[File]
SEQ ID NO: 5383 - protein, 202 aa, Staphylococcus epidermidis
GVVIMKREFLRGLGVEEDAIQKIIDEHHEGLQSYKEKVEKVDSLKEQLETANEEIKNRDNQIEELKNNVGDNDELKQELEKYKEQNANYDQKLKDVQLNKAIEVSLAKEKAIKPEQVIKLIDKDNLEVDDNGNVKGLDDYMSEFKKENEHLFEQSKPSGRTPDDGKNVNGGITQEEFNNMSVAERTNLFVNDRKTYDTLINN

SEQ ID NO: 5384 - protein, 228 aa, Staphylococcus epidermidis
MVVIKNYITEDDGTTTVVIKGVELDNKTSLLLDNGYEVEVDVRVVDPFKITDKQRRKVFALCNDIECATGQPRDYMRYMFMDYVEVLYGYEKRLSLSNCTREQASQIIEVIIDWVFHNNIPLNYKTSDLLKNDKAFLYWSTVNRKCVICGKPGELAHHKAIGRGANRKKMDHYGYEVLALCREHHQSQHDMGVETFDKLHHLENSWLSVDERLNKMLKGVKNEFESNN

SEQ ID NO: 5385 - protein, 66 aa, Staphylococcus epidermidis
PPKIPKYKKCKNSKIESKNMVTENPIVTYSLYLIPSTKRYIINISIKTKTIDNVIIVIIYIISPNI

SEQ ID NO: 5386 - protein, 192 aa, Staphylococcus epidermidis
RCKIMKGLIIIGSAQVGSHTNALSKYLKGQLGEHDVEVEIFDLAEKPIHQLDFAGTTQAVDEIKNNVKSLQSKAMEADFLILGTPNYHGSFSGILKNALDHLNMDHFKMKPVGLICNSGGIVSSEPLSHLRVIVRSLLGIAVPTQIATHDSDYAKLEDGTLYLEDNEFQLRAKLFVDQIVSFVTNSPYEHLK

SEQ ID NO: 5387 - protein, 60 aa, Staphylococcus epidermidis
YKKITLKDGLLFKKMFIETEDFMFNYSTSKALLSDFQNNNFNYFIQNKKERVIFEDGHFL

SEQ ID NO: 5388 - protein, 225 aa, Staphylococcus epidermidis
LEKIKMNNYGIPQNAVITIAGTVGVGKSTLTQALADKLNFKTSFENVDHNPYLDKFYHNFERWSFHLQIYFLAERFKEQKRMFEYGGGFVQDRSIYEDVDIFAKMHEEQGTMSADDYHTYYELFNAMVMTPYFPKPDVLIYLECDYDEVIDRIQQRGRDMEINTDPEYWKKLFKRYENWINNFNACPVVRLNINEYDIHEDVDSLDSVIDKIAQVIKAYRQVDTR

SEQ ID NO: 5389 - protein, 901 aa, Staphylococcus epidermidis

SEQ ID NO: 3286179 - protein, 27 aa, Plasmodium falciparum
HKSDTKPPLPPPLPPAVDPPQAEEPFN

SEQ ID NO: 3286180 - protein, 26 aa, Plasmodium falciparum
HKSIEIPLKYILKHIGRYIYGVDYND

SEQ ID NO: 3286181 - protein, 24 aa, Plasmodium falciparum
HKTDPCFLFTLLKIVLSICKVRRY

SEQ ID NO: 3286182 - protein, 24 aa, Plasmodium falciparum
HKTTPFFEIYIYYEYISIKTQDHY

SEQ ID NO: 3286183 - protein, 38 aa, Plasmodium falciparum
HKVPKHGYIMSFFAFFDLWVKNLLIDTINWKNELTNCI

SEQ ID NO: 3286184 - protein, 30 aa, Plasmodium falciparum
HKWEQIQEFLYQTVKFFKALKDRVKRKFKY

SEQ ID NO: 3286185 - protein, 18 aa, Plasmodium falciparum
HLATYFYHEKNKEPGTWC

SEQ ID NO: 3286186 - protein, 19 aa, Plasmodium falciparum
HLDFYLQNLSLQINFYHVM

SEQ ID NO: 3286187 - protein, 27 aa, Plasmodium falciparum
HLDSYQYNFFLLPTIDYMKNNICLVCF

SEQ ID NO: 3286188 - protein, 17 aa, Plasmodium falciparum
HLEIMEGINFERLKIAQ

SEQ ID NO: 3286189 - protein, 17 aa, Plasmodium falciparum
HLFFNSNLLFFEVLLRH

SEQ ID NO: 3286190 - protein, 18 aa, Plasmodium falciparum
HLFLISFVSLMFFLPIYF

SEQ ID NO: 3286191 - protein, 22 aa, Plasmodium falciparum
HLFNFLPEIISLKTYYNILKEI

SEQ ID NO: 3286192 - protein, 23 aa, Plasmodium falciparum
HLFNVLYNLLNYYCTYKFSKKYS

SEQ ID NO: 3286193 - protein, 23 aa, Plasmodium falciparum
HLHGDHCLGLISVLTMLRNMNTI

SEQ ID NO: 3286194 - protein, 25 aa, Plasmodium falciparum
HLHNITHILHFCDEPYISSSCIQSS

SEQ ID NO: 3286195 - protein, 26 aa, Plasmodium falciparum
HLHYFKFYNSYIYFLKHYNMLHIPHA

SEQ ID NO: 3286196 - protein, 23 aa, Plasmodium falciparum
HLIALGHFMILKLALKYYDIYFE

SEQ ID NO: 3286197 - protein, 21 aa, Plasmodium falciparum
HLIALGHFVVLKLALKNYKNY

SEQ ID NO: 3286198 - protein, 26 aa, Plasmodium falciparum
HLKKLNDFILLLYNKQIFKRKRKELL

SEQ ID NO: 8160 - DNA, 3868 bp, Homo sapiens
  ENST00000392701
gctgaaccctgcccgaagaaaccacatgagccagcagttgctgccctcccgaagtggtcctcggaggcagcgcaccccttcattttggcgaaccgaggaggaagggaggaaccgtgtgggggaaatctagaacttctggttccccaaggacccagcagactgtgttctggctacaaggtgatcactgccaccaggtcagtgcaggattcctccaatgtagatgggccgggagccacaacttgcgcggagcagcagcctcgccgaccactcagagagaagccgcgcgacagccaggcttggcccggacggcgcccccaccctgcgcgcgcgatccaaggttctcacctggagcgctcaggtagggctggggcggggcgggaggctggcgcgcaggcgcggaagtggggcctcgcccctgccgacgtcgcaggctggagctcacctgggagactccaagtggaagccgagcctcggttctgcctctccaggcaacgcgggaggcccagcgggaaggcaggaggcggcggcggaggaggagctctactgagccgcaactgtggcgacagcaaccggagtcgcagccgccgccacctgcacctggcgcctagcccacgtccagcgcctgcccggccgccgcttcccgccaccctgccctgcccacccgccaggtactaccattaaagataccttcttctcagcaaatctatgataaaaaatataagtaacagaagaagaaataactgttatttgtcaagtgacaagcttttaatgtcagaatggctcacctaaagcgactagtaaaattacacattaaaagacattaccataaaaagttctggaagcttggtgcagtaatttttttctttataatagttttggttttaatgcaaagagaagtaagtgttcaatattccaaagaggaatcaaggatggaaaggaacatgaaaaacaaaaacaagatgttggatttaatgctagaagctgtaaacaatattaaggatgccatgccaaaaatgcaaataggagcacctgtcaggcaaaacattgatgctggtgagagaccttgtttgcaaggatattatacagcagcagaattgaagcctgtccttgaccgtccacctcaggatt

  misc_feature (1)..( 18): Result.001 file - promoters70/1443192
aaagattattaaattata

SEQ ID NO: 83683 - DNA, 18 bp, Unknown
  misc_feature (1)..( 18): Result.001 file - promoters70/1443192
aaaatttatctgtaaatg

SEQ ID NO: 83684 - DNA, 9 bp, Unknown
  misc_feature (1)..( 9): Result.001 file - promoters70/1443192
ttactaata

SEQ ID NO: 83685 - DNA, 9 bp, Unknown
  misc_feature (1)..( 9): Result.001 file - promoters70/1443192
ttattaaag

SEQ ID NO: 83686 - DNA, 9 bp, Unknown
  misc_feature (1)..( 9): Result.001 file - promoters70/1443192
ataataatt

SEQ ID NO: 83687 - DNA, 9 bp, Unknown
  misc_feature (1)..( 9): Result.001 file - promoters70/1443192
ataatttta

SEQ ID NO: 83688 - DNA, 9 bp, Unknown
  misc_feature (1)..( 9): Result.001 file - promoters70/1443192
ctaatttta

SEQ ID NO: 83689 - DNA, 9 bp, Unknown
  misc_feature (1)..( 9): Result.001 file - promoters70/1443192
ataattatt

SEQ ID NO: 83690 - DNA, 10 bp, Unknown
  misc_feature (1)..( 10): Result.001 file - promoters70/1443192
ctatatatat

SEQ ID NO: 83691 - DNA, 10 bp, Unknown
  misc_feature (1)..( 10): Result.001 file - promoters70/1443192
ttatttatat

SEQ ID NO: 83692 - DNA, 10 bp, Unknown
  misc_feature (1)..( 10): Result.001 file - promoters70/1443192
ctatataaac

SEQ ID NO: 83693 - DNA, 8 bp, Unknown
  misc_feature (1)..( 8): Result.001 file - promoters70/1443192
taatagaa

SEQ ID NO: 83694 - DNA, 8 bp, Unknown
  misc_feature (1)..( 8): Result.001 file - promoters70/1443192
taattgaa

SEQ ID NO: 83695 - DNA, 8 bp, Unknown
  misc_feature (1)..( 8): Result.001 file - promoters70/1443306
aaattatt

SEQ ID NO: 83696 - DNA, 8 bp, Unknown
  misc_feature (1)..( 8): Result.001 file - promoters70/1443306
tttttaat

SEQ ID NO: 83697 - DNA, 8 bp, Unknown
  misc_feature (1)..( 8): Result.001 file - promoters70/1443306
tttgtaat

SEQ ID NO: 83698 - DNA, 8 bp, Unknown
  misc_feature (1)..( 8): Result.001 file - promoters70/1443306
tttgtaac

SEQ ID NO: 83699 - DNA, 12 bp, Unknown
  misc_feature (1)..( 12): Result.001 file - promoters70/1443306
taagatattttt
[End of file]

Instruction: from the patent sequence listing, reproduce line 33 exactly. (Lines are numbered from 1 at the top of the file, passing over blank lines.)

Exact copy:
HLEIMEGINFERLKIAQ